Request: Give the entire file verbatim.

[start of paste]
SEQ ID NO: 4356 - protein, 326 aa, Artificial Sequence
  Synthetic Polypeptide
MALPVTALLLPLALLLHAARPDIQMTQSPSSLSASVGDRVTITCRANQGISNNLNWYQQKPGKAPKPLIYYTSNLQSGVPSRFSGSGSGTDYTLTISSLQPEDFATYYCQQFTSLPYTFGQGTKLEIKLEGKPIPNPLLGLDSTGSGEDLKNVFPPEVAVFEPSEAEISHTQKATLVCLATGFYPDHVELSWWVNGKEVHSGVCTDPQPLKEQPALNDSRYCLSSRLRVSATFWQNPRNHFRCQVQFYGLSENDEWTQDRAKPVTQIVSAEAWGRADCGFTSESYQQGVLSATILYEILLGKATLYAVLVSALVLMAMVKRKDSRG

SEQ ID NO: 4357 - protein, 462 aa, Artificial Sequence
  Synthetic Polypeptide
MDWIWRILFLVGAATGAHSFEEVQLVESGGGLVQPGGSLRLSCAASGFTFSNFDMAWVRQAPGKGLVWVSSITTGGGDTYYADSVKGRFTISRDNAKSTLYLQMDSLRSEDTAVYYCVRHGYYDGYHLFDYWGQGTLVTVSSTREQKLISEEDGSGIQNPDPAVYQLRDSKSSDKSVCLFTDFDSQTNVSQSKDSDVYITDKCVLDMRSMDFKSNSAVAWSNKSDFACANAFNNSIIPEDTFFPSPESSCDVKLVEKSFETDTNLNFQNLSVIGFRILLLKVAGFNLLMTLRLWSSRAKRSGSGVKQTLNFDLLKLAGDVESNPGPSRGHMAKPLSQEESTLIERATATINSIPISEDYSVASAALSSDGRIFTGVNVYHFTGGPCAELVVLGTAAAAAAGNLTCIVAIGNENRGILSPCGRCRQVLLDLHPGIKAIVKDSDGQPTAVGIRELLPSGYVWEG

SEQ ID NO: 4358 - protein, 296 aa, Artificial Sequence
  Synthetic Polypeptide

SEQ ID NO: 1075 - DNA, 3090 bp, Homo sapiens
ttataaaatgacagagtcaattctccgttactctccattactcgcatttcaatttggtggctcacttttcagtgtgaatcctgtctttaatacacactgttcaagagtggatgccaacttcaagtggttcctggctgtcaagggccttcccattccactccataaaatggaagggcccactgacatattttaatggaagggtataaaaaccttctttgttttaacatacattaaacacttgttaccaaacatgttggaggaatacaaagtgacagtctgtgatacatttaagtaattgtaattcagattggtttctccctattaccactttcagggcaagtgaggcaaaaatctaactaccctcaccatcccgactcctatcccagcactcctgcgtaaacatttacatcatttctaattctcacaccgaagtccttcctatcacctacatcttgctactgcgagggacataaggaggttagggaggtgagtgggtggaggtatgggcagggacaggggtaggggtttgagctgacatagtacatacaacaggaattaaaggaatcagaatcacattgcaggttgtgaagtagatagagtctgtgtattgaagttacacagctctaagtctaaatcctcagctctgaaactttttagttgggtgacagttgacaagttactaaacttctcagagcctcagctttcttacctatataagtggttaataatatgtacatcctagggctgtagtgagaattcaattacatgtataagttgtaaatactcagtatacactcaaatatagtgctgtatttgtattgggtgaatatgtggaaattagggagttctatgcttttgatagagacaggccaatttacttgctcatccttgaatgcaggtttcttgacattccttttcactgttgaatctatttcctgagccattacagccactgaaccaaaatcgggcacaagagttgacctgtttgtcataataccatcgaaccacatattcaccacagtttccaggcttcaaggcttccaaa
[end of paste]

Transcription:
SEQ ID NO: 4356 - protein, 326 aa, Artificial Sequence
  Synthetic Polypeptide
MALPVTALLLPLALLLHAARPDIQMTQSPSSLSASVGDRVTITCRANQGISNNLNWYQQKPGKAPKPLIYYTSNLQSGVPSRFSGSGSGTDYTLTISSLQPEDFATYYCQQFTSLPYTFGQGTKLEIKLEGKPIPNPLLGLDSTGSGEDLKNVFPPEVAVFEPSEAEISHTQKATLVCLATGFYPDHVELSWWVNGKEVHSGVCTDPQPLKEQPALNDSRYCLSSRLRVSATFWQNPRNHFRCQVQFYGLSENDEWTQDRAKPVTQIVSAEAWGRADCGFTSESYQQGVLSATILYEILLGKATLYAVLVSALVLMAMVKRKDSRG

SEQ ID NO: 4357 - protein, 462 aa, Artificial Sequence
  Synthetic Polypeptide
MDWIWRILFLVGAATGAHSFEEVQLVESGGGLVQPGGSLRLSCAASGFTFSNFDMAWVRQAPGKGLVWVSSITTGGGDTYYADSVKGRFTISRDNAKSTLYLQMDSLRSEDTAVYYCVRHGYYDGYHLFDYWGQGTLVTVSSTREQKLISEEDGSGIQNPDPAVYQLRDSKSSDKSVCLFTDFDSQTNVSQSKDSDVYITDKCVLDMRSMDFKSNSAVAWSNKSDFACANAFNNSIIPEDTFFPSPESSCDVKLVEKSFETDTNLNFQNLSVIGFRILLLKVAGFNLLMTLRLWSSRAKRSGSGVKQTLNFDLLKLAGDVESNPGPSRGHMAKPLSQEESTLIERATATINSIPISEDYSVASAALSSDGRIFTGVNVYHFTGGPCAELVVLGTAAAAAAGNLTCIVAIGNENRGILSPCGRCRQVLLDLHPGIKAIVKDSDGQPTAVGIRELLPSGYVWEG

SEQ ID NO: 4358 - protein, 296 aa, Artificial Sequence
  Synthetic Polypeptide

SEQ ID NO: 1075 - DNA, 3090 bp, Homo sapiens
ttataaaatgacagagtcaattctccgttactctccattactcgcatttcaatttggtggctcacttttcagtgtgaatcctgtctttaatacacactgttcaagagtggatgccaacttcaagtggttcctggctgtcaagggccttcccattccactccataaaatggaagggcccactgacatattttaatggaagggtataaaaaccttctttgttttaacatacattaaacacttgttaccaaacatgttggaggaatacaaagtgacagtctgtgatacatttaagtaattgtaattcagattggtttctccctattaccactttcagggcaagtgaggcaaaaatctaactaccctcaccatcccgactcctatcccagcactcctgcgtaaacatttacatcatttctaattctcacaccgaagtccttcctatcacctacatcttgctactgcgagggacataaggaggttagggaggtgagtgggtggaggtatgggcagggacaggggtaggggtttgagctgacatagtacatacaacaggaattaaaggaatcagaatcacattgcaggttgtgaagtagatagagtctgtgtattgaagttacacagctctaagtctaaatcctcagctctgaaactttttagttgggtgacagttgacaagttactaaacttctcagagcctcagctttcttacctatataagtggttaataatatgtacatcctagggctgtagtgagaattcaattacatgtataagttgtaaatactcagtatacactcaaatatagtgctgtatttgtattgggtgaatatgtggaaattagggagttctatgcttttgatagagacaggccaatttacttgctcatccttgaatgcaggtttcttgacattccttttcactgttgaatctatttcctgagccattacagccactgaaccaaaatcgggcacaagagttgacctgtttgtcataataccatcgaaccacatattcaccacagtttccaggcttcaaggcttccaaa